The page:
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Time For Water Reuse To Gain Precedence
The water storage in 91 major reservoirs of India in February was a paltry 32 per cent of their total capacity, indicating that the country is heading for a very dry summer
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The 22nd of March every year is observed as the United Nations World Water Day. It is a day that typically passes without major fanfare since water is not something that has a great hold over the public imagination. This year could be a lot different, for problems related to water scarcity and access have been very much in the news.
In January this year, the World Economic Forum identified water as the biggest threat that we'd have to confront over the next decade. Last month, civil unrest in the state of Haryana which led to the damage of equipment at the strategic Munak canal supplying 543 million gallons of water per day from the Yamuna, disrupted water supplies for 10 million people in the national capital of Delhi.
This month, there was news from Tikamgarh in drought-hit Madhya Pradesh's Bundelkhand region, where authorities have employed armed guards to deter farmers from irrigating crops with water taken without authorisation from the Bari Ghat Dam. The presence of armed guards is a manifestation of wider regional water supply challenges. Last week, data published by the Ministry of Water Resources revealed that the water storage in 91 major reservoirs of India as on 25th February 2016 was a paltry 32 per cent of their total capacity indicating that Indians are heading for a very dry summer.
Across the world, in developing and developed nations, a cocktail of urbanisation, changing rainfall patterns and increased affluence - water use tends to rise with wealth - is putting pressure on water resources. Data from the Central Water Commission shows that India has witnessed a decline of over 60 per cent in per capita availability of water from 3,000 cubic metres to 1,123 cubic metres over the last 50 years, bringing it way below the global average of 6,000 cubic metres. In the light of this fact, Ernst & Young's prediction of the growth in industrial demand for water from 40.86 billion cubic metres (Bm3) in 2010 to 91.63 Bm3 in 2030 signals increased pressure on available water resources.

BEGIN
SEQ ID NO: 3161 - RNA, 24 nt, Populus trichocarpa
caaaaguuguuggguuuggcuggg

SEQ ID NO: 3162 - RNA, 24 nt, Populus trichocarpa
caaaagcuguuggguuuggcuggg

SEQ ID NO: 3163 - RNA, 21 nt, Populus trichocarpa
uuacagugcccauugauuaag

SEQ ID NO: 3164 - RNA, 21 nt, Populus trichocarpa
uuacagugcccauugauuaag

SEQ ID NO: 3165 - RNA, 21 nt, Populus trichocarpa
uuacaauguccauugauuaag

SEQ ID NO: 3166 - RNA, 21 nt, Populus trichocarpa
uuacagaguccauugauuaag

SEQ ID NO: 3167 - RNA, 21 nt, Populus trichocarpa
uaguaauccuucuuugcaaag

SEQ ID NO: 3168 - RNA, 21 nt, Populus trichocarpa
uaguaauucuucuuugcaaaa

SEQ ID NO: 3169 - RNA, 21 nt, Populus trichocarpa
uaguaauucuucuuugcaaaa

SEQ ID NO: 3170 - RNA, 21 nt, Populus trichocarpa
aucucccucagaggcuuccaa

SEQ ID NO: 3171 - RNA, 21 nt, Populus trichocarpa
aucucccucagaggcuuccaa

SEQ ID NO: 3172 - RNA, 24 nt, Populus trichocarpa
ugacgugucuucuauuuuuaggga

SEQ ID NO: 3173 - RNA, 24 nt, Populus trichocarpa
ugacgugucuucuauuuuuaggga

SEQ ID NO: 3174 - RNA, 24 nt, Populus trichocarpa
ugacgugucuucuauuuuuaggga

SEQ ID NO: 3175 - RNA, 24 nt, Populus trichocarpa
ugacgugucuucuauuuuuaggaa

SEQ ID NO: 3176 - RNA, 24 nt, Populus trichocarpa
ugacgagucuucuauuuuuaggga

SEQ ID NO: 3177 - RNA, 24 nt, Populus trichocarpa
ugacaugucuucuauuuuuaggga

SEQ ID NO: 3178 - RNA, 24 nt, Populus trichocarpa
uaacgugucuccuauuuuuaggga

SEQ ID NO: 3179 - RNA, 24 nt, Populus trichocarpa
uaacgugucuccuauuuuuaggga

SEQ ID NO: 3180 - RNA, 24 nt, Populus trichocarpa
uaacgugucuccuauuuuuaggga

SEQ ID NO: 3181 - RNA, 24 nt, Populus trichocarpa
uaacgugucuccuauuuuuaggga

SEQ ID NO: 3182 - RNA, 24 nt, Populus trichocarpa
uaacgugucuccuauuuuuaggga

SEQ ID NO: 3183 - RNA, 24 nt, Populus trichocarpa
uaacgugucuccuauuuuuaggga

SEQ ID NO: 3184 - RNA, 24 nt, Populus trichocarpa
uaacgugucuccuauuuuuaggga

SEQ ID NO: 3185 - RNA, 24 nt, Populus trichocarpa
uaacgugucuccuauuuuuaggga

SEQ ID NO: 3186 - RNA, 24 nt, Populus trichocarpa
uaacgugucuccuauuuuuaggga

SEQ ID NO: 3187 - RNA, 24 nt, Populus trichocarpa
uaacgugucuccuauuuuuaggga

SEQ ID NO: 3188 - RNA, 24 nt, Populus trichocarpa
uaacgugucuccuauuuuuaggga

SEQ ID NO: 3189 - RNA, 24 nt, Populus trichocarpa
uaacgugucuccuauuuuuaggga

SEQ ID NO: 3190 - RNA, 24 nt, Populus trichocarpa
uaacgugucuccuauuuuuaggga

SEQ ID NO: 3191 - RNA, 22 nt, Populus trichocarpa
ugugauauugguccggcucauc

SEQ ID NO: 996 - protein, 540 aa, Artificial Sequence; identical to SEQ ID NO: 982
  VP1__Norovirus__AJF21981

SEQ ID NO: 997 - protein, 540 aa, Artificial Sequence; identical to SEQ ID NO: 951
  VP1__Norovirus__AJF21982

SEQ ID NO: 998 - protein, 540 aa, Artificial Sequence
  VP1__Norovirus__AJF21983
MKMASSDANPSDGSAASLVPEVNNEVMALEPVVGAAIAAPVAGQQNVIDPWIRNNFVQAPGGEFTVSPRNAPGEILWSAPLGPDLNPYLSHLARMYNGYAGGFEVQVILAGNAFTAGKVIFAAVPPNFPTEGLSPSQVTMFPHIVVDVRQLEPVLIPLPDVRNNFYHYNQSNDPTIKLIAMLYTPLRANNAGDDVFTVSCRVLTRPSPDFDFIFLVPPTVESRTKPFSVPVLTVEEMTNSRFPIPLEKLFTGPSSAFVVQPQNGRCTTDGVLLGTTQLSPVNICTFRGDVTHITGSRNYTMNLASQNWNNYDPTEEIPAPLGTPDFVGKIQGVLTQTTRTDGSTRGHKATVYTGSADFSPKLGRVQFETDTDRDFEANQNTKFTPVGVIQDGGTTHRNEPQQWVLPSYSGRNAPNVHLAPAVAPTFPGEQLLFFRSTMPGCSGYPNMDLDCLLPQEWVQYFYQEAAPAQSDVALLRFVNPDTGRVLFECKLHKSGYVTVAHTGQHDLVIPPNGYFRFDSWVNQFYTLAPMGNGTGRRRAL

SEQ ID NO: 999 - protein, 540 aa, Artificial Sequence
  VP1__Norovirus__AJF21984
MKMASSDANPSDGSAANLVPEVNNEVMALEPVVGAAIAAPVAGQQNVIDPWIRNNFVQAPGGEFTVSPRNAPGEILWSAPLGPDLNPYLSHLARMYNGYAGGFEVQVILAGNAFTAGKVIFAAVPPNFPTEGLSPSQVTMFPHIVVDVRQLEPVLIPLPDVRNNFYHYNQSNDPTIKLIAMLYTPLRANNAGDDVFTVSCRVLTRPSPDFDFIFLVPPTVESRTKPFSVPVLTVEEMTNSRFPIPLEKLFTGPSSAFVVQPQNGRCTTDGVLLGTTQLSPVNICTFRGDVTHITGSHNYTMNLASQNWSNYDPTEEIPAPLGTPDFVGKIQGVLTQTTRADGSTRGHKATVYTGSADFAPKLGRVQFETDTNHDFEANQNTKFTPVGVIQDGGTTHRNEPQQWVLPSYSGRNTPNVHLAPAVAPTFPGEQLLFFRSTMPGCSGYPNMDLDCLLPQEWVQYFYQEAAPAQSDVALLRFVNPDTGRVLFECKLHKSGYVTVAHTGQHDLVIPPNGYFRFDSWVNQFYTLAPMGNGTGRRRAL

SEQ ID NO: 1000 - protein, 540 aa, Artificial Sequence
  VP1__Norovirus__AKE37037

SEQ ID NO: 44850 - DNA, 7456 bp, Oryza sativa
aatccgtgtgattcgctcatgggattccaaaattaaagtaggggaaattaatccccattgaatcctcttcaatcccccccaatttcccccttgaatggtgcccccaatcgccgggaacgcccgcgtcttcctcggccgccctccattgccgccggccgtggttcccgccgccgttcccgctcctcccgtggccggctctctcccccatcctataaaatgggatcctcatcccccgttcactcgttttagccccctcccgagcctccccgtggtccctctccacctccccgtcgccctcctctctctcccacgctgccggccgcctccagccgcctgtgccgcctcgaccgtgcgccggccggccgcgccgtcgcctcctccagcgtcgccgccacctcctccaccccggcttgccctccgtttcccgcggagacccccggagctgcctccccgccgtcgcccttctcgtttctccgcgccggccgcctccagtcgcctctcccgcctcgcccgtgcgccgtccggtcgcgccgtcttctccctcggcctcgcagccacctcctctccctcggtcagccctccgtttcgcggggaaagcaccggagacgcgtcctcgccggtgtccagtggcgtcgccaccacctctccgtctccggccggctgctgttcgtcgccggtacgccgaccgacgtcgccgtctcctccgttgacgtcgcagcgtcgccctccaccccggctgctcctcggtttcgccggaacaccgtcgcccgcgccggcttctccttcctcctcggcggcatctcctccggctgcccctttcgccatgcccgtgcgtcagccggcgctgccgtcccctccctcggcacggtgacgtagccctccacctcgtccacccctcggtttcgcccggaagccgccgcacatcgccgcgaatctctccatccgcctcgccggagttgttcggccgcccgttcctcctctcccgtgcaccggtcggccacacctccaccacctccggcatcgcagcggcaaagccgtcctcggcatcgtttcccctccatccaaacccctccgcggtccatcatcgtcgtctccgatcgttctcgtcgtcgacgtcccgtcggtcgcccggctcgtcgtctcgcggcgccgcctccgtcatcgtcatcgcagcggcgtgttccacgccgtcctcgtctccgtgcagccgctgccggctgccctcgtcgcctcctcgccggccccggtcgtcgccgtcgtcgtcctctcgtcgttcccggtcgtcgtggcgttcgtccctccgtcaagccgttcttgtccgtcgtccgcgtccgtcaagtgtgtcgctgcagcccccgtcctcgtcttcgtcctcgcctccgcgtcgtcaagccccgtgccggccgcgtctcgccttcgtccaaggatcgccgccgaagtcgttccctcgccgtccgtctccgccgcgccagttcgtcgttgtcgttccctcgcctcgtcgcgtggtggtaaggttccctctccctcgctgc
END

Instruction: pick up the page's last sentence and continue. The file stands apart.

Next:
By including adequate water supply and sanitation in the attributes of a smart city, the government's 100 Smart cities initiative has put water in the center stage. This initiative is brimming with potential for smart water solutions to our urban water challenges. These include turning wastewater from a problem into a resource. This encompasses water reuse, when advanced treatment is used to turn wastewater streams into renewable sources of reusable water; relieving pressures on stressed surface and ground water resources. In addition, the Swachh Bharat agenda will help reduce levels of contamination of domestic water supplies by protecting water sources. While the technology exists to remove almost all pollutants, one very smart thing to do is keep them out of the water in the first place.
Singapore, Australia and the USA have shown us first-hand the difference that water reuse projects can make. Water reuse can be emotive, however, so its success is as much dependent upon the quality of public education programmes as the technical solution.